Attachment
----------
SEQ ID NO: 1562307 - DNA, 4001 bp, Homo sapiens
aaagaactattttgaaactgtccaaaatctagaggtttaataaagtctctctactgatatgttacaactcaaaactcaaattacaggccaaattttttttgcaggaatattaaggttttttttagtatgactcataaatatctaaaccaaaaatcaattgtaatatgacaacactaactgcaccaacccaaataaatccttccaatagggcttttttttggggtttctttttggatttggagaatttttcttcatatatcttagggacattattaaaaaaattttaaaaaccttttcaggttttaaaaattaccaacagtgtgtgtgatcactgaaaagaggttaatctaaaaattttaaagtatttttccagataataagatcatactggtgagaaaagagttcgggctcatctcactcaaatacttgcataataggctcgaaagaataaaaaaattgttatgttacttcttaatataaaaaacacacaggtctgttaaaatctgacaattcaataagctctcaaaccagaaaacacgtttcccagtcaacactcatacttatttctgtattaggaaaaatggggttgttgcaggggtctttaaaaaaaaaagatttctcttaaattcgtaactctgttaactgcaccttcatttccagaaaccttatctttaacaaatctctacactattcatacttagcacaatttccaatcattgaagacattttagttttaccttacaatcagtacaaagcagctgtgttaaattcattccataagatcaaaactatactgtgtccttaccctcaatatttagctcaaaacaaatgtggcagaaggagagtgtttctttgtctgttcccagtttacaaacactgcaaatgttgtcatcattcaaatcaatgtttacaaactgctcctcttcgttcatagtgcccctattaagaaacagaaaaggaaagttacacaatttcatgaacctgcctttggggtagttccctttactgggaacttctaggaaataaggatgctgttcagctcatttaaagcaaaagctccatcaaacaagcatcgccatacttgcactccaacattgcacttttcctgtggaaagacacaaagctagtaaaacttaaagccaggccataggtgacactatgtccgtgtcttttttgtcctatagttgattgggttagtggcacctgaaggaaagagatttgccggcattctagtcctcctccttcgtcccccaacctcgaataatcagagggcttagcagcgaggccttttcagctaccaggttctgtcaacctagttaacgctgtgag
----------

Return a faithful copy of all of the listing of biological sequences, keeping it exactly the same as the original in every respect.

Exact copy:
SEQ ID NO: 1562307 - DNA, 4001 bp, Homo sapiens
aaagaactattttgaaactgtccaaaatctagaggtttaataaagtctctctactgatatgttacaactcaaaactcaaattacaggccaaattttttttgcaggaatattaaggttttttttagtatgactcataaatatctaaaccaaaaatcaattgtaatatgacaacactaactgcaccaacccaaataaatccttccaatagggcttttttttggggtttctttttggatttggagaatttttcttcatatatcttagggacattattaaaaaaattttaaaaaccttttcaggttttaaaaattaccaacagtgtgtgtgatcactgaaaagaggttaatctaaaaattttaaagtatttttccagataataagatcatactggtgagaaaagagttcgggctcatctcactcaaatacttgcataataggctcgaaagaataaaaaaattgttatgttacttcttaatataaaaaacacacaggtctgttaaaatctgacaattcaataagctctcaaaccagaaaacacgtttcccagtcaacactcatacttatttctgtattaggaaaaatggggttgttgcaggggtctttaaaaaaaaaagatttctcttaaattcgtaactctgttaactgcaccttcatttccagaaaccttatctttaacaaatctctacactattcatacttagcacaatttccaatcattgaagacattttagttttaccttacaatcagtacaaagcagctgtgttaaattcattccataagatcaaaactatactgtgtccttaccctcaatatttagctcaaaacaaatgtggcagaaggagagtgtttctttgtctgttcccagtttacaaacactgcaaatgttgtcatcattcaaatcaatgtttacaaactgctcctcttcgttcatagtgcccctattaagaaacagaaaaggaaagttacacaatttcatgaacctgcctttggggtagttccctttactgggaacttctaggaaataaggatgctgttcagctcatttaaagcaaaagctccatcaaacaagcatcgccatacttgcactccaacattgcacttttcctgtggaaagacacaaagctagtaaaacttaaagccaggccataggtgacactatgtccgtgtcttttttgtcctatagttgattgggttagtggcacctgaaggaaagagatttgccggcattctagtcctcctccttcgtcccccaacctcgaataatcagagggcttagcagcgaggccttttcagctaccaggttctgtcaacctagttaacgctgtgag